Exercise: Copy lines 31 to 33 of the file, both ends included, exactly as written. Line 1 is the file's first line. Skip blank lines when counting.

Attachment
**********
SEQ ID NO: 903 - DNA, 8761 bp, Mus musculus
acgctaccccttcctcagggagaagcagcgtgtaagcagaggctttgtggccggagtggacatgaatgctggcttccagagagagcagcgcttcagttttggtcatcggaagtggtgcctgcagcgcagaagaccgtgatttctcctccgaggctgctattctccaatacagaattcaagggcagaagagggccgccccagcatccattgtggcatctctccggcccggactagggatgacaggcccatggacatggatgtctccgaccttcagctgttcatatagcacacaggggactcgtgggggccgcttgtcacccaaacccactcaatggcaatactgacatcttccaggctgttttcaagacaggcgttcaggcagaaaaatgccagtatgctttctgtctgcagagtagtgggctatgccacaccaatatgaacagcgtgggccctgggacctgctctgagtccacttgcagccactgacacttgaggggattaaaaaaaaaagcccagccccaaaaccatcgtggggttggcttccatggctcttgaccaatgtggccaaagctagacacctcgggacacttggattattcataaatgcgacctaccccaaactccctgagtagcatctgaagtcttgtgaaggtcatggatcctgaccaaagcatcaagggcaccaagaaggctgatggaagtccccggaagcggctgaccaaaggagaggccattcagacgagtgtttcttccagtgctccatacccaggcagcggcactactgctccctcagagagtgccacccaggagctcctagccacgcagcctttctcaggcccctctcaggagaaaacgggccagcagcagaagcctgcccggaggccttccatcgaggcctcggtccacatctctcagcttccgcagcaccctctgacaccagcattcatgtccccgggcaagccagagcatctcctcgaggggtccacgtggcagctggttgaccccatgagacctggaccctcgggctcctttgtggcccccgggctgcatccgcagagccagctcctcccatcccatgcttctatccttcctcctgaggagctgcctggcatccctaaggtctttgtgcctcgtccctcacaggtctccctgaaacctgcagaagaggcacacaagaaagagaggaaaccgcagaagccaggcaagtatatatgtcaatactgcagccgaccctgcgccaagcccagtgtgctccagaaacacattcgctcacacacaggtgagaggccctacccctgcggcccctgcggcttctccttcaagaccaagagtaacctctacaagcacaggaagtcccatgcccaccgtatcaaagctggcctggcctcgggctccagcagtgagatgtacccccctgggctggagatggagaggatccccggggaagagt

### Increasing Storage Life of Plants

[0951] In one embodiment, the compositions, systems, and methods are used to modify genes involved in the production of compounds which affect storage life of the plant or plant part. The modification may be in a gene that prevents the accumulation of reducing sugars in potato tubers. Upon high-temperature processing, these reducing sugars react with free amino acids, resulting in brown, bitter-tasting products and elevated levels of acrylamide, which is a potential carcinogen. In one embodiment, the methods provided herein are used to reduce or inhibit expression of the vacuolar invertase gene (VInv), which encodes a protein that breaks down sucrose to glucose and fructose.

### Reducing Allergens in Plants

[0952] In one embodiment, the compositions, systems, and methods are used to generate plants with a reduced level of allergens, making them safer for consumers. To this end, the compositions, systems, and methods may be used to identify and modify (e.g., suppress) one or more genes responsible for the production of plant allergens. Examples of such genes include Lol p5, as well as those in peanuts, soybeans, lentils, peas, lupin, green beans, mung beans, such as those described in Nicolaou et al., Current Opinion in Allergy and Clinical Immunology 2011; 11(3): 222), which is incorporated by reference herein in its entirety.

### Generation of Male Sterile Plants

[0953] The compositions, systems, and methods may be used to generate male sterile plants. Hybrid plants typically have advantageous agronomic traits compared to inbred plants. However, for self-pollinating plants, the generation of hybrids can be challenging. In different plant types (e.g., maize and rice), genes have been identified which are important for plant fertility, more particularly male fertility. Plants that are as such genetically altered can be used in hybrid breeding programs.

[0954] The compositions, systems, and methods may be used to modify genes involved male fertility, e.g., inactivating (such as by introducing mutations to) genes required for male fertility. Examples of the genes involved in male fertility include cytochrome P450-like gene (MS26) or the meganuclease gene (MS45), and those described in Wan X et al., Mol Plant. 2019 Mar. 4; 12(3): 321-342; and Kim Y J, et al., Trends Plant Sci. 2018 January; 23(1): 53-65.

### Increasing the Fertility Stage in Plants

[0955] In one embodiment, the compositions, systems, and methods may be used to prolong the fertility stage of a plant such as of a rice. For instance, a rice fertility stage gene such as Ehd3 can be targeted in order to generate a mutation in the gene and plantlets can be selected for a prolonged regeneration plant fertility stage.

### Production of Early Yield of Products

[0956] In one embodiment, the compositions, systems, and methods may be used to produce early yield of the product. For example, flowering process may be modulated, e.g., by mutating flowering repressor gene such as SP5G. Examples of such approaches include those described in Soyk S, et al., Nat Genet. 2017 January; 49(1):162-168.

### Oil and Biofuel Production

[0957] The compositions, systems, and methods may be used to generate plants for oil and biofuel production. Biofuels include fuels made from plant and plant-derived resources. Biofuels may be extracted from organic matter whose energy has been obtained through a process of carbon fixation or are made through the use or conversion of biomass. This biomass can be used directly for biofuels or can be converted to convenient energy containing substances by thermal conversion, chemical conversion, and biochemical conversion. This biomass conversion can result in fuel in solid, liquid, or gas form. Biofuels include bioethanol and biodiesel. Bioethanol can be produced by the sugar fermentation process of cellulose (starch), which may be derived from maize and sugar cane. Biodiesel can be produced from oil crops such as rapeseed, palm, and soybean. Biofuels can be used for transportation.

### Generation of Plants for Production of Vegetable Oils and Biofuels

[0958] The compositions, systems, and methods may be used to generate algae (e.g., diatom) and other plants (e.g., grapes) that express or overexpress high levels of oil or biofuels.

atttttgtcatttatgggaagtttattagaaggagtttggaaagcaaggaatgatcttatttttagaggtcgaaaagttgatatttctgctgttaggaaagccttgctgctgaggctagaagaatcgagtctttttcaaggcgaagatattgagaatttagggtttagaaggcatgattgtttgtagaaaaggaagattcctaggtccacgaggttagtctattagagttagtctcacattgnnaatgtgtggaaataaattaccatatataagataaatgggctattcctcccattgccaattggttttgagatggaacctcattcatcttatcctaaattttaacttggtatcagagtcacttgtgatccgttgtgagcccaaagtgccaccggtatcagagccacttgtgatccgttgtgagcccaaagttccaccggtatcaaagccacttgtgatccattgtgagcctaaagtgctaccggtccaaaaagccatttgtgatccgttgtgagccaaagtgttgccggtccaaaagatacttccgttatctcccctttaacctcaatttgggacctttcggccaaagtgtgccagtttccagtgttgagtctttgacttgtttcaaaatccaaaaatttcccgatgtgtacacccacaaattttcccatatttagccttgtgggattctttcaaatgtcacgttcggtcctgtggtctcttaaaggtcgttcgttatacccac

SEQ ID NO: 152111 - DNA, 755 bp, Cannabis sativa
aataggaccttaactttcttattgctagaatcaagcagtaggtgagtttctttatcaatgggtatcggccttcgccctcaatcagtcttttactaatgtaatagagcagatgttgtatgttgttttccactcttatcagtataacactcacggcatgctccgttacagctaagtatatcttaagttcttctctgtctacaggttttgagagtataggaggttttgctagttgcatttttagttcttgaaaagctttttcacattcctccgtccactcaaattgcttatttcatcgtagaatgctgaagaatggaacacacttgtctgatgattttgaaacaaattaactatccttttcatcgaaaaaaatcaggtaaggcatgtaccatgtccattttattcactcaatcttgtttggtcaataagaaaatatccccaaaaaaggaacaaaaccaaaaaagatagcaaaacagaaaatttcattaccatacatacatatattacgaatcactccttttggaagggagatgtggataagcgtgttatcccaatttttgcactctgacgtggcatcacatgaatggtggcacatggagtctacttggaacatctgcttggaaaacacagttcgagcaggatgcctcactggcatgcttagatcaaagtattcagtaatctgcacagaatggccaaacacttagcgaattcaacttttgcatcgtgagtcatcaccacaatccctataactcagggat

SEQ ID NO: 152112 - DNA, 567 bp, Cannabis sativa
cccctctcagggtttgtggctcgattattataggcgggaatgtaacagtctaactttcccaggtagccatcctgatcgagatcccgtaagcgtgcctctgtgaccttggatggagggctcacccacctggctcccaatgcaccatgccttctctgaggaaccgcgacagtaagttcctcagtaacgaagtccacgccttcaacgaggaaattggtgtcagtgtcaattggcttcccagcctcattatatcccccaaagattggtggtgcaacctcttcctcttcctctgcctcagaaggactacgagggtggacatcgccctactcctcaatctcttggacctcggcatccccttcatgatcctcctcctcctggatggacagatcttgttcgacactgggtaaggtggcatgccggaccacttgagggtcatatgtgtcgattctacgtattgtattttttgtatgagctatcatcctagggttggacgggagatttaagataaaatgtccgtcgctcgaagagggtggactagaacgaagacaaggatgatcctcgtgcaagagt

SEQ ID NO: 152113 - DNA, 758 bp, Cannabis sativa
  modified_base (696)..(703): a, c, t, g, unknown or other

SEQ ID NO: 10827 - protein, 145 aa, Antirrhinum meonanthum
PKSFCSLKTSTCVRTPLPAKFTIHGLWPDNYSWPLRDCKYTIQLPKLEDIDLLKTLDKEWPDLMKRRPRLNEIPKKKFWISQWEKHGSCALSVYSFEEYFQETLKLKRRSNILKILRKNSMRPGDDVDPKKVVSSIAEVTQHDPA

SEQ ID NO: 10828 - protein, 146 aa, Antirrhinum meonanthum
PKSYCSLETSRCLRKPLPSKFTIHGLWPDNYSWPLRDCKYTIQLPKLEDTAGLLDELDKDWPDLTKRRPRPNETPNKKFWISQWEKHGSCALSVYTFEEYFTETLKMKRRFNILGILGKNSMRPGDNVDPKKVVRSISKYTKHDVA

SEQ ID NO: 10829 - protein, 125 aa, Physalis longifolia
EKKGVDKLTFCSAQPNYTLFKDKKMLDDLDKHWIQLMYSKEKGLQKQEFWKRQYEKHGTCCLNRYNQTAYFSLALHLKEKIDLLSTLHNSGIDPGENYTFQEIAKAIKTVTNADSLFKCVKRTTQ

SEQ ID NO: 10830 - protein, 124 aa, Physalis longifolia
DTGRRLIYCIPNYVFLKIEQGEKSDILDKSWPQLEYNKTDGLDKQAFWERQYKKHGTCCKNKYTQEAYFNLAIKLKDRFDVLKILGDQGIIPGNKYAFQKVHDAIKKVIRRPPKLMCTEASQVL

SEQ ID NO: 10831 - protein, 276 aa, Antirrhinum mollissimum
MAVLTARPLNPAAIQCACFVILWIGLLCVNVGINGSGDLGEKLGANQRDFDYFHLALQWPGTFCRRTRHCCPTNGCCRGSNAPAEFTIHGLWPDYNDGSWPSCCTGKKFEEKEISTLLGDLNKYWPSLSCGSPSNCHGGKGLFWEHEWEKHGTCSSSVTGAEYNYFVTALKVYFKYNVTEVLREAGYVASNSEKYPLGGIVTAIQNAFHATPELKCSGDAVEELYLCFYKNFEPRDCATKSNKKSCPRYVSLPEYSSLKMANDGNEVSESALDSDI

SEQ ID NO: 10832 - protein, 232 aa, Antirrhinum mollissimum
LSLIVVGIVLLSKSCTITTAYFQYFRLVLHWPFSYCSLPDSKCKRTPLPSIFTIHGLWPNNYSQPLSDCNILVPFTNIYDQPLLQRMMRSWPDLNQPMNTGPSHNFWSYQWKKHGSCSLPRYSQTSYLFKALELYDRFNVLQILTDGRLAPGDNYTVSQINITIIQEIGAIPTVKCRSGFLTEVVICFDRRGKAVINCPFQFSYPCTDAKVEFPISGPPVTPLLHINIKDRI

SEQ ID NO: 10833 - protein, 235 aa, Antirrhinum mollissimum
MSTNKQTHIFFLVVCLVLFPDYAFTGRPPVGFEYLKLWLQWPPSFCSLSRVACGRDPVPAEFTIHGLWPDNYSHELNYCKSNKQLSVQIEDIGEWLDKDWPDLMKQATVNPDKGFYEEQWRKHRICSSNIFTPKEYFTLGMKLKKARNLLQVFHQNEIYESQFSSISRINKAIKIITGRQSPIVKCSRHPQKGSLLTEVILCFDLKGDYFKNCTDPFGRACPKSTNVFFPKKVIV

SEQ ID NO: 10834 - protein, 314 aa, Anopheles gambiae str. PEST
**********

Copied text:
SEQ ID NO: 10830 - protein, 124 aa, Physalis longifolia
DTGRRLIYCIPNYVFLKIEQGEKSDILDKSWPQLEYNKTDGLDKQAFWERQYKKHGTCCKNKYTQEAYFNLAIKLKDRFDVLKILGDQGIIPGNKYAFQKVHDAIKKVIRRPPKLMCTEASQVL

SEQ ID NO: 10831 - protein, 276 aa, Antirrhinum mollissimum